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Once a Test roommate with Jharal Yow Yeh, Dragons winger Brett Morris is doing his best to prepare for life after footy. Copyright: Wayne Drought/NRL Photos
Brett Morris knows that footy doesn't last forever; that's why he is currently studying Commerce at the University of Wollongong.

He's had his fair share of surgeries since making his NRL debut in 2006 - he played just two games in 2007 due to shoulder surgery - but having played more than 20 games for St George Illawarra in each of the past five seasons, Morris is one of the lucky ones to have managed to keep a good distance between themselves and the rehab group.

Against the Sharks on Saturday night Morris has the opportunity to become just the third player in St George Illawarra history to score 100 tries but if he needed any further proof of how quickly a career in rugby league can be taken away from you, the retirement this week of Jharal Yow Yeh at just 24 years of age once again shone a blazing spotlight on the fragility of careers experienced by many elite athletes.

In 2011 Yow Yeh made his Origin debut for Queensland opposite Morris and the pair roomed together when Yow Yeh made his Test debut against New Zealand also that year but the almost inevitable end was still a confronting one.

"The injury that occurred [in 2012] was pretty horrific. When you're watching those sorts of things you don't wish that upon anyone, especially a wonderful talent like Jharal," said Morris.

"When the injury first occurred I just hoped that he'd be able to get back on the paddock. He was a wonderful player and he was at the top of his game when he got injured so it's a shame we didn't get to see him play again.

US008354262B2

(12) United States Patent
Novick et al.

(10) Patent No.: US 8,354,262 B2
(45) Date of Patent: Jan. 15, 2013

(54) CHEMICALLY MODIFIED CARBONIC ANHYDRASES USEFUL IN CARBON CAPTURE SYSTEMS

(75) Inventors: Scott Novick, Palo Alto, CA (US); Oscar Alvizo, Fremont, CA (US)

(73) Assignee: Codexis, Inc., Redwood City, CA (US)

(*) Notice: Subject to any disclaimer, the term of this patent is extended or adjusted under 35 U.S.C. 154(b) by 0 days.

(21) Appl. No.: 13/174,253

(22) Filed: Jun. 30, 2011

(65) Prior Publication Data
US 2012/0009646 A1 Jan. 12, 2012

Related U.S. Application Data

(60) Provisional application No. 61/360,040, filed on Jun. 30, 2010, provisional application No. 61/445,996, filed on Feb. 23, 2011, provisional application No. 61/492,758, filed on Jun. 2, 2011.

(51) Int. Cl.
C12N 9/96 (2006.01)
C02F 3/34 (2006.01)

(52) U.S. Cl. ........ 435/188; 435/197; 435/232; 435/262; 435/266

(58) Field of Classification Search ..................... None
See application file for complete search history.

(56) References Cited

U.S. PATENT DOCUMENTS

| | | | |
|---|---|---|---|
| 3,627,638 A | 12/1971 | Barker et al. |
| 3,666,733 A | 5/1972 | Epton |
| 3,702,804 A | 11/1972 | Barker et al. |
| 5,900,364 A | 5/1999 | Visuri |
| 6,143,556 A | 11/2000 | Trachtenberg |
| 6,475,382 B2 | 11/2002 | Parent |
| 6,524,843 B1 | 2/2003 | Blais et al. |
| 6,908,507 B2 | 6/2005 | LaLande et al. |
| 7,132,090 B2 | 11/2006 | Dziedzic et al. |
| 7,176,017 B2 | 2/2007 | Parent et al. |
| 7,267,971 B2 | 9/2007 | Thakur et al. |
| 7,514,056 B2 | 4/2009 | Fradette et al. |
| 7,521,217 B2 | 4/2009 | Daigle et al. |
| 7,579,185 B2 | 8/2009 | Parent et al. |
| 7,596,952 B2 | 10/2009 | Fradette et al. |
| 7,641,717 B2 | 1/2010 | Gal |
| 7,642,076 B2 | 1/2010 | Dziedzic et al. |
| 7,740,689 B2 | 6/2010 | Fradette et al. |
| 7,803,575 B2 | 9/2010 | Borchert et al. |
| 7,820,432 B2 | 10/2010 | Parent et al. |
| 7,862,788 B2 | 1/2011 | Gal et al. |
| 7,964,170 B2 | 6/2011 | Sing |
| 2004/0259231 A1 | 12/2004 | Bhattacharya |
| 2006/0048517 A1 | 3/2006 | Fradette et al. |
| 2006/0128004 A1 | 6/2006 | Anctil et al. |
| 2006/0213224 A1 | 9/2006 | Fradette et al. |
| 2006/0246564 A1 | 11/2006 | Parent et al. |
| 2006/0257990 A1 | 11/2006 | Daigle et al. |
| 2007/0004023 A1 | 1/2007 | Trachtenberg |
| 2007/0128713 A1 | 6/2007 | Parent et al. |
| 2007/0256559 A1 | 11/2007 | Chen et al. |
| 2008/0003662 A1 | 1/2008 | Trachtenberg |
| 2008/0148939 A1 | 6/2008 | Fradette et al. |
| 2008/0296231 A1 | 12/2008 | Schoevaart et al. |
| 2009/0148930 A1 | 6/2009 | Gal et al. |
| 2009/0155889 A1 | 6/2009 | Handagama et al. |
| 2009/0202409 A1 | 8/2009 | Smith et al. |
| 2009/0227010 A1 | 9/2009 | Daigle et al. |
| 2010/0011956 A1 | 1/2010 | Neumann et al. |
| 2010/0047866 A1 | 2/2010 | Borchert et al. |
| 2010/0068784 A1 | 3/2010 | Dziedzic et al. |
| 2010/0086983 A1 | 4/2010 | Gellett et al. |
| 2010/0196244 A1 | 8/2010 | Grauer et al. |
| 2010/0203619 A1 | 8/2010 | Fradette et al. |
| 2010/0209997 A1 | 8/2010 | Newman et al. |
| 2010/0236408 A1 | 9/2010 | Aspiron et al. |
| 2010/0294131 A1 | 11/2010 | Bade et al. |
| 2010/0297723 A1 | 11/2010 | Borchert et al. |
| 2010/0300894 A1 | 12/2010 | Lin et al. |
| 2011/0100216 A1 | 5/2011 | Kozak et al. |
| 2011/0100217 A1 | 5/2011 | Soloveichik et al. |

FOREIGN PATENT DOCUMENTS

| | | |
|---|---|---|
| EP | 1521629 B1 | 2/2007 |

"He was one of the most exciting players in the game [in 2011]. I was lucky enough to room with him for his first Test so I knew him a bit more than the other blokes did in that side. He was a good kid, he had his head switched on and every time he went out there and played he played his best game of footy and I know playing against him in Origin he was always a very tough opponent.

"He always brought out the best in me and he was always a very tough competitor and some I really enjoyed playing against."

While he insists that the potential of serious injury never enters his head as he soars high in the air endeavouring to catch cross-field kicks or towering bombs, Morris is planning for a life after football through his studies.

Morris is one of many Dragons players currently engaged in the hugely successful Graduates of League program with a view to joining the suits in the corporate world once he hangs up the jersey with the famous Red V.

When caught up with Morris he was heading to an afternoon at university discussing the complexities of Finance. It's hardly how most 27-year-olds with a physically-demanding full-time job would choose to spend their time but he knows it's an important part of his career progression.

"With the degree, hopefully I'll find something that I like and go down that path," Morris explained. "All my family are schoolteachers so I didn't want to be a schoolteacher so I've branched off and done something different and hopefully I'll find something that I like.

"Footy doesn't last forever and you've got to do something after it so I wouldn't mind going into the corporate world and hopefully I can find something that I enjoy doing."

It bucks the stereotype that many people have of football clubs but such is the prevalence of university attendees at the Dragons that when time allows they'll squeeze in a study session in between training commitments.

But, like all study groups, there's one player who spends more time copying than studying.

"Mitch Rein's always asking for help; he's a different human, Mitch Rein," Morris revealed. "None of us are outstanding – a few of the older blokes haven't been back to school since they were 18 – so it's been a long time between drinks so we just do our best. Jase Nightingale, he's a pretty switched-on fella, he's probably one of the blokes who I go to when I'm struggling.

"A lot of the guys are doing the same subjects which helps. It's always good to have someone there that you can fall back on if you don't understand the content and we all try to help each other out where we can.

"We get a fair bit of help from the club and the Graduates of League program so the boys who are doing uni are really enjoying it and getting pretty good results."
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National Rugby League respects and honours the Traditional Custodians of the land and pay our respects to their Elders past, present and future. We acknowledge the stories, traditions and living cultures of Aboriginal and Torres Strait Islander peoples on the lands we meet, gather and play on.

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